Mortgage caps hit Dublin house price growth
Gunne Residential owner predicts small price rises over the next year, writes Gavin McLoughlin
The Central Bank's new mortgage caps have contributed to a sharp slowdown in Dublin house price growth, according to the owner of one of the capital's major estate agents.
Marian McQuillan of Gunne Residential said she expects "very small" increases in Dublin in the next 12 months.
"The recovery started in 2012, you had price increases in 2012, 2013 and 2014. I would say prices increased by at least 40pc during that period of time. Since 2015, the increase has slowed down, if not just stabilised. I would say the market has stabilised," Ms McQuillan told the Sunday Independent.
"If you asked me why, I would say a number of reasons. Affordability is one. I think that will be the trend going forward in the market, now that it has reached a stable level at the minute.
"The Central Bank rules came in and had an effect. I know everybody talks about the 20pc deposit, but in my opinion it's as much linked to the three-and-a-half times your income as anything else."
Her comments chime with a report released by Lisney on Thursday, which said the Dublin residential market "entered into a settling down period towards the end of 2014, following significant price inflation earlier in the year.
"The ending of the CGT waiver for investors, plus the introduction of the Central Bank's new rules on mortgage lending, also had an impact.
"Consequently, 2015 got off to a slower start, with about a third fewer residential units sold in Q1 compared to the last three months of 2014," the report said.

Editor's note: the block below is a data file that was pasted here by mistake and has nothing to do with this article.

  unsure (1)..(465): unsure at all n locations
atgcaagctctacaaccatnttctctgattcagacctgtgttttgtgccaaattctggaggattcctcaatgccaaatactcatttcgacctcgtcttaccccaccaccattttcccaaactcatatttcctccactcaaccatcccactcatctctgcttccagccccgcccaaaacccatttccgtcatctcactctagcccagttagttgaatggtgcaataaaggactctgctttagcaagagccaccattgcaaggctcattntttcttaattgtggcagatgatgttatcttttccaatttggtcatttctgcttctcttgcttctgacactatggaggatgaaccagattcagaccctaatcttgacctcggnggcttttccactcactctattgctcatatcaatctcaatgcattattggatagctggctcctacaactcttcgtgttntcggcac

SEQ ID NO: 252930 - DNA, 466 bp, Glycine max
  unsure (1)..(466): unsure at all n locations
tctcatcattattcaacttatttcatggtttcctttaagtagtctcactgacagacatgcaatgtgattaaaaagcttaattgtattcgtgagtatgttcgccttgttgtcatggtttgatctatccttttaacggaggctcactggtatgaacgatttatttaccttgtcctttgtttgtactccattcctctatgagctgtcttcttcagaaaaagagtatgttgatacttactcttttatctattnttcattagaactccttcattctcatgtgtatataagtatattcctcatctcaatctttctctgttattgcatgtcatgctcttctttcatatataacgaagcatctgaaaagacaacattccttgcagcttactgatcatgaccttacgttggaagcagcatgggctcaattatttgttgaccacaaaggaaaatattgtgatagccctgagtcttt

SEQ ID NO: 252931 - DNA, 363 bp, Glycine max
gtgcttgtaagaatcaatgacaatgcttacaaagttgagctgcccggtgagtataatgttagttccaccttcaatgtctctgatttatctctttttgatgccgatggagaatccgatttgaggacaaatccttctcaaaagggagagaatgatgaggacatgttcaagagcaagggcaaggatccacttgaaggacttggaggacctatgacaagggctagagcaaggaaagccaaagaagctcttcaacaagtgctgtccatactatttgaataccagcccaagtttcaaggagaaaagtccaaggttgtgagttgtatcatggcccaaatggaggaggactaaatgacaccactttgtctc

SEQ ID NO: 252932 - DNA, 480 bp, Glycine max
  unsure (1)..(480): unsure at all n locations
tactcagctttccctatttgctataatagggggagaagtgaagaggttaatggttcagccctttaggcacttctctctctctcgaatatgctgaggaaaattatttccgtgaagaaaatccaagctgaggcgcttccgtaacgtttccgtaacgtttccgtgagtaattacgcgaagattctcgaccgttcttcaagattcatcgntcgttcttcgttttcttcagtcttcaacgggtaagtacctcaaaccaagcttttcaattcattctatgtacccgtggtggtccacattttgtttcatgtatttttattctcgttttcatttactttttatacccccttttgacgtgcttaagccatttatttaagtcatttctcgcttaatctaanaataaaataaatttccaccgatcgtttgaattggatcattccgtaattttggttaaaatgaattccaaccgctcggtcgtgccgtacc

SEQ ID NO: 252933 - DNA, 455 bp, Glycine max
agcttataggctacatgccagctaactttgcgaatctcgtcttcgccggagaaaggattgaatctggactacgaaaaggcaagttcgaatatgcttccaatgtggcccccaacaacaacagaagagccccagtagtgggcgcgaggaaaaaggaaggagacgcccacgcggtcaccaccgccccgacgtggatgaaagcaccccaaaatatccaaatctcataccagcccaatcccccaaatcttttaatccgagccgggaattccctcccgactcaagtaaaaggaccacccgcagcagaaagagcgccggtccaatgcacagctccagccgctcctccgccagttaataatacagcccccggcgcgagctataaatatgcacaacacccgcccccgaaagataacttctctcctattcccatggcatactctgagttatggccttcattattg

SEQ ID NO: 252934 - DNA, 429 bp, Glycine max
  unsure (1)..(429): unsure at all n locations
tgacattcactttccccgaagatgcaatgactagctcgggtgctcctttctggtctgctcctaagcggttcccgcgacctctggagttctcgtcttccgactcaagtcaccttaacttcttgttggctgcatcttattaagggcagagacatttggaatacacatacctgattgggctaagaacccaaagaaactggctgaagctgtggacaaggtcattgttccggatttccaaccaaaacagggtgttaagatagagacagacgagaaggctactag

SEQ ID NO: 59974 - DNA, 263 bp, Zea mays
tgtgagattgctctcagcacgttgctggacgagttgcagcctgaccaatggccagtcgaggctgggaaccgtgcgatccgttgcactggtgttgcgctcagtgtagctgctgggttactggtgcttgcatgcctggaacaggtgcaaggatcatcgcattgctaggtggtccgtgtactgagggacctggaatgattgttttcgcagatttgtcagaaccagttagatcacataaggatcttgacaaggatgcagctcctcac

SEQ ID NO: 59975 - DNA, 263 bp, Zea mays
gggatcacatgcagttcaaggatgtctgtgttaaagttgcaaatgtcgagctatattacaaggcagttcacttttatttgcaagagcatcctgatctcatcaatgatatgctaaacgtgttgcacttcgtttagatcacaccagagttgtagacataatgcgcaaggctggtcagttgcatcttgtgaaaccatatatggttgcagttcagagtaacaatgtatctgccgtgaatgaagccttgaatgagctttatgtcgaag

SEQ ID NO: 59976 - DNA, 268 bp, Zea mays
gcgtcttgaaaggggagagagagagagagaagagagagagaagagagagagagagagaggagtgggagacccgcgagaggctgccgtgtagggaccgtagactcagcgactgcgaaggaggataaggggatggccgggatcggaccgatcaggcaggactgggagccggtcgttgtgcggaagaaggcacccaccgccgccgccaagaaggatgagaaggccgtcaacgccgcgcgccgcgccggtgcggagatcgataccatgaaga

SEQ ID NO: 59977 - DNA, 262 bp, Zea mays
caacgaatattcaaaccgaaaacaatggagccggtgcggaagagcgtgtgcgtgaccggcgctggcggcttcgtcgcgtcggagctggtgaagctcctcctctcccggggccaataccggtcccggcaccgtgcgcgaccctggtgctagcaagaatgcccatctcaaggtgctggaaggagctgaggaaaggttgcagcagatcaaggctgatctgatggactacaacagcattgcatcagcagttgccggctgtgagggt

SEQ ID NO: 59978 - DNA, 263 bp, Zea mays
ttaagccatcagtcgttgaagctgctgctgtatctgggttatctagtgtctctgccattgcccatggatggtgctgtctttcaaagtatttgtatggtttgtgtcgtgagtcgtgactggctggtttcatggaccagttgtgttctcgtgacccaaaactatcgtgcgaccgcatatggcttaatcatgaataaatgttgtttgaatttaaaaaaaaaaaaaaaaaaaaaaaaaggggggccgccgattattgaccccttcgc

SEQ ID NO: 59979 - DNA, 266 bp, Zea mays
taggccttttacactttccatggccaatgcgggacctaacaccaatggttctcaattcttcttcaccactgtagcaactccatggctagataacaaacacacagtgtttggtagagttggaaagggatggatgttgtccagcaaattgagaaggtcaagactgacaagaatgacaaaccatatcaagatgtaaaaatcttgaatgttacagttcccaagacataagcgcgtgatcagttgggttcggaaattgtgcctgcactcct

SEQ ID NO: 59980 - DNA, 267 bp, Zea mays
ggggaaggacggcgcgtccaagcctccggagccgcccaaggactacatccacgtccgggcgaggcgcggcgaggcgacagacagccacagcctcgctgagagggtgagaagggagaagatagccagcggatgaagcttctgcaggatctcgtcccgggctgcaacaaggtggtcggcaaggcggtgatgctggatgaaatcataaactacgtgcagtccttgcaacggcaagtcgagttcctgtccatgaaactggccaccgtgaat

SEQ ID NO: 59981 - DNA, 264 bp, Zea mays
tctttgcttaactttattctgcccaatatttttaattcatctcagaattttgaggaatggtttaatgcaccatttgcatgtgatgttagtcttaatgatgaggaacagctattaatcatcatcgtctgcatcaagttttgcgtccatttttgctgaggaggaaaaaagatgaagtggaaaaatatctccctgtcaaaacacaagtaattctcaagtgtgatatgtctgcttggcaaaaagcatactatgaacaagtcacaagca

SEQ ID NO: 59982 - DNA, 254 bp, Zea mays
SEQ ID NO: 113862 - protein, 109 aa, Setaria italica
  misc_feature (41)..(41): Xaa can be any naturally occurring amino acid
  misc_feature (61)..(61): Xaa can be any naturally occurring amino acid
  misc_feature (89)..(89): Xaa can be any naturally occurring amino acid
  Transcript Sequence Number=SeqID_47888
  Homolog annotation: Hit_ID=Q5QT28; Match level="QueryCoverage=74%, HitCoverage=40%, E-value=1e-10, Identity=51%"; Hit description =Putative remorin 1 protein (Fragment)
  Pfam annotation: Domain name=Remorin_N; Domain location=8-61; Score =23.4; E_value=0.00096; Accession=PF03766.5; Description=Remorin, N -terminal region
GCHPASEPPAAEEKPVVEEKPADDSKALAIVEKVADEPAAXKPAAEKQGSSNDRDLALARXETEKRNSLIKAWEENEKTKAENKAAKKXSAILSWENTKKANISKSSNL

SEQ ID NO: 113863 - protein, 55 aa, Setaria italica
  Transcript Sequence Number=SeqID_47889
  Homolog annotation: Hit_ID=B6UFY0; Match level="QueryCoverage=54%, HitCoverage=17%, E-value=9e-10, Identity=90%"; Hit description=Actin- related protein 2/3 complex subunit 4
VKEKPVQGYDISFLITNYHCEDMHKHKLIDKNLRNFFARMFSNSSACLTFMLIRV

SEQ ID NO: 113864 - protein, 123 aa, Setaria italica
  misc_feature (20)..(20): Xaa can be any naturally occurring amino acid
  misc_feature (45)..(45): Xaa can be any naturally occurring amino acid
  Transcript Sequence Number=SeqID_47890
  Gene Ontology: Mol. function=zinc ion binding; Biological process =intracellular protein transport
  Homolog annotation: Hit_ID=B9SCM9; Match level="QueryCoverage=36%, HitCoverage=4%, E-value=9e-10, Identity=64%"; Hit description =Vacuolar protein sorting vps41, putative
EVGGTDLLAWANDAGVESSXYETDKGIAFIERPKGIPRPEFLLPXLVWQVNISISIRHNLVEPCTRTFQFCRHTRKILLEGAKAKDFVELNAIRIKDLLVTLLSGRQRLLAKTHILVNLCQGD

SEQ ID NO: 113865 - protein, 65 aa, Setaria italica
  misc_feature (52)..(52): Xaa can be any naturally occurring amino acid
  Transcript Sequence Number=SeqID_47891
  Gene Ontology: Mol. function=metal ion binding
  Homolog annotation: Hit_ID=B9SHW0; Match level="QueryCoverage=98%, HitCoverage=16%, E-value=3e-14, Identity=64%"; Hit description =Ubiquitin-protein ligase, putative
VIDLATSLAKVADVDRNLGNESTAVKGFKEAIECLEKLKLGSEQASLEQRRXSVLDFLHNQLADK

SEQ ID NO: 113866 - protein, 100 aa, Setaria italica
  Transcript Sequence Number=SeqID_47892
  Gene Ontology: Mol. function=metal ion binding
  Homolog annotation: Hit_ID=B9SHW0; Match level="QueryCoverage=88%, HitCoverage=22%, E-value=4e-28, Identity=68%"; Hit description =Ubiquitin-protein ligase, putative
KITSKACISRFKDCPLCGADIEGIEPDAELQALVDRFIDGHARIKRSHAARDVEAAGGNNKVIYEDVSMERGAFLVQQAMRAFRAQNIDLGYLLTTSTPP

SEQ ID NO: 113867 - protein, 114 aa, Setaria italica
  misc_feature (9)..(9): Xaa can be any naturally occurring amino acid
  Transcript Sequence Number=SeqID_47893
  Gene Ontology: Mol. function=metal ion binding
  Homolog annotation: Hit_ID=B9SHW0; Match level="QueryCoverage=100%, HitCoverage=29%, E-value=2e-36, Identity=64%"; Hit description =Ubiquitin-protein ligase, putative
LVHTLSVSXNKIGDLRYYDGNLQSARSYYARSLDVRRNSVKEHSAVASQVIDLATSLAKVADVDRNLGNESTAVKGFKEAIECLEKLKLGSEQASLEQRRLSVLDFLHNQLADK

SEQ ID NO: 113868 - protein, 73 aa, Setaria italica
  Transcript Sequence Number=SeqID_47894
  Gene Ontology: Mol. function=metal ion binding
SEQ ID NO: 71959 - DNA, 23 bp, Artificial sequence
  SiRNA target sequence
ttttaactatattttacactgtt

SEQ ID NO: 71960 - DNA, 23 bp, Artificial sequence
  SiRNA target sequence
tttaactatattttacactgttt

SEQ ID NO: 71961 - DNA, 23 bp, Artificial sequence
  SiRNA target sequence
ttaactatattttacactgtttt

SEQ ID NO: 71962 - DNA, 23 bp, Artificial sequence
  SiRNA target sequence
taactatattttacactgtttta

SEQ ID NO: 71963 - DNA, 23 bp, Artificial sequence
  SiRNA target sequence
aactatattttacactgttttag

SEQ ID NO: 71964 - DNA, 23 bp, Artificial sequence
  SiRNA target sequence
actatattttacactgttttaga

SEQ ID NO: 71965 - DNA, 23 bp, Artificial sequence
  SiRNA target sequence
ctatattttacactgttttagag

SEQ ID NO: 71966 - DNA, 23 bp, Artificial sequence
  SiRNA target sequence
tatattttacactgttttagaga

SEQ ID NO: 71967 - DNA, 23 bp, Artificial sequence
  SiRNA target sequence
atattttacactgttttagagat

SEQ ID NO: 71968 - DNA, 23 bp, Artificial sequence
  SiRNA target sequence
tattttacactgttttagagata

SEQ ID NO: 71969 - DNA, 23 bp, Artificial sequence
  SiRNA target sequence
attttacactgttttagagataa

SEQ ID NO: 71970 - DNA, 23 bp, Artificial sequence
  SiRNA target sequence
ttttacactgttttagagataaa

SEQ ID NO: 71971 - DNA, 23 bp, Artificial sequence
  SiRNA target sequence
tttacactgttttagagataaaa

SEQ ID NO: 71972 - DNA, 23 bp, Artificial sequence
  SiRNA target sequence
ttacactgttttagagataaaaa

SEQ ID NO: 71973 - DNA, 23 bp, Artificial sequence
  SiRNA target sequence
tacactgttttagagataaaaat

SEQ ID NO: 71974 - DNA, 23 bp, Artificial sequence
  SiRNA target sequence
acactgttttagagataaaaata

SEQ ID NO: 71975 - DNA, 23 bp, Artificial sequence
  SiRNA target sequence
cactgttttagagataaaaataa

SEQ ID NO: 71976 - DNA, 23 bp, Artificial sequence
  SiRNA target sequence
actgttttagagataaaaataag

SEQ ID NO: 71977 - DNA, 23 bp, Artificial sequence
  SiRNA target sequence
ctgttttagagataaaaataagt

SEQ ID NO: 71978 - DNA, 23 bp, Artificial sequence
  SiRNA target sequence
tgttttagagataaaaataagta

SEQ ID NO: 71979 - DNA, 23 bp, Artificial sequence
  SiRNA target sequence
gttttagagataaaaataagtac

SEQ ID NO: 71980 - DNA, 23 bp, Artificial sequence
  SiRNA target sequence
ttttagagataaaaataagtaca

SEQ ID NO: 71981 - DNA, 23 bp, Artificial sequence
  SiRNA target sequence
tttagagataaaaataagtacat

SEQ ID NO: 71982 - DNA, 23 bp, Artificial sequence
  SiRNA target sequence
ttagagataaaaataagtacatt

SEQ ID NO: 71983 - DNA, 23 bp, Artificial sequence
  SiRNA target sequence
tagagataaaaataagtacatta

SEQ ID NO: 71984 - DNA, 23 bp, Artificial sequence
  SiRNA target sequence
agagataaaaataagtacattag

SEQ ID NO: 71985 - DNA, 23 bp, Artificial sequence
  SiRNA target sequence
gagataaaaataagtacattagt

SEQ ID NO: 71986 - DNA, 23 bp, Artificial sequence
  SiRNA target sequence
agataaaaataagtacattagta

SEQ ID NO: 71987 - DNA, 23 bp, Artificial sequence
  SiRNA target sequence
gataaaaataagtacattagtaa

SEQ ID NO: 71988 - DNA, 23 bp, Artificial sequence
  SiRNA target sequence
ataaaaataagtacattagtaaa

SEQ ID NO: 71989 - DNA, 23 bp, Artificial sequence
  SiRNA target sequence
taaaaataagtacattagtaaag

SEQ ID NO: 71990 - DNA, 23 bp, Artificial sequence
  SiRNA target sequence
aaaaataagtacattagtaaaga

Ms McQuillan said a large number of foreign buyers are snapping up properties in Dublin 4.
"We see it in Dublin 4 a huge amount, more the expat who has an Irish link, who is living abroad, be it in Singapore , a lot of London people, some people living in the States, in Europe, coming back in Dublin 4 looking for a base - and they would all be cash buyers."
The company will shortly be rebranded as 'Quillsen', Ms McQuillan said. "The Gunne family haven't been involved with Gunnes' for almost 10 years now, so it was always originally agreed that the name would change at some stage - and I suppose now we feel it's the correct time.
"Obviously we've been through six difficult years there, where the property market had slumped down, whereas now we feel it's a new era, we're really excited about it. Business is back, so we've now decided it's the right time. The business, the company, the look - it all needed a fresh impetus."
She said the company will look to expand modestly by opening one or two more branches. Ms McQuillan also said the number of houses coming to market in Dublin had increased.
"The price rise has brought the people who bought in 2003 and prior out of negative equity, that means they can sell and if they wish to trade up, they're doing that. We're seeing quite a lot of investors who are selling as well, so I think the supply in terms of second-hand will continue.
"New-build, I think, is still below where it needs to be. I saw some reports that said last year there were around 11,000 houses built throughout the country, whereas we probably need to have at least double that."
Sunday Indo Business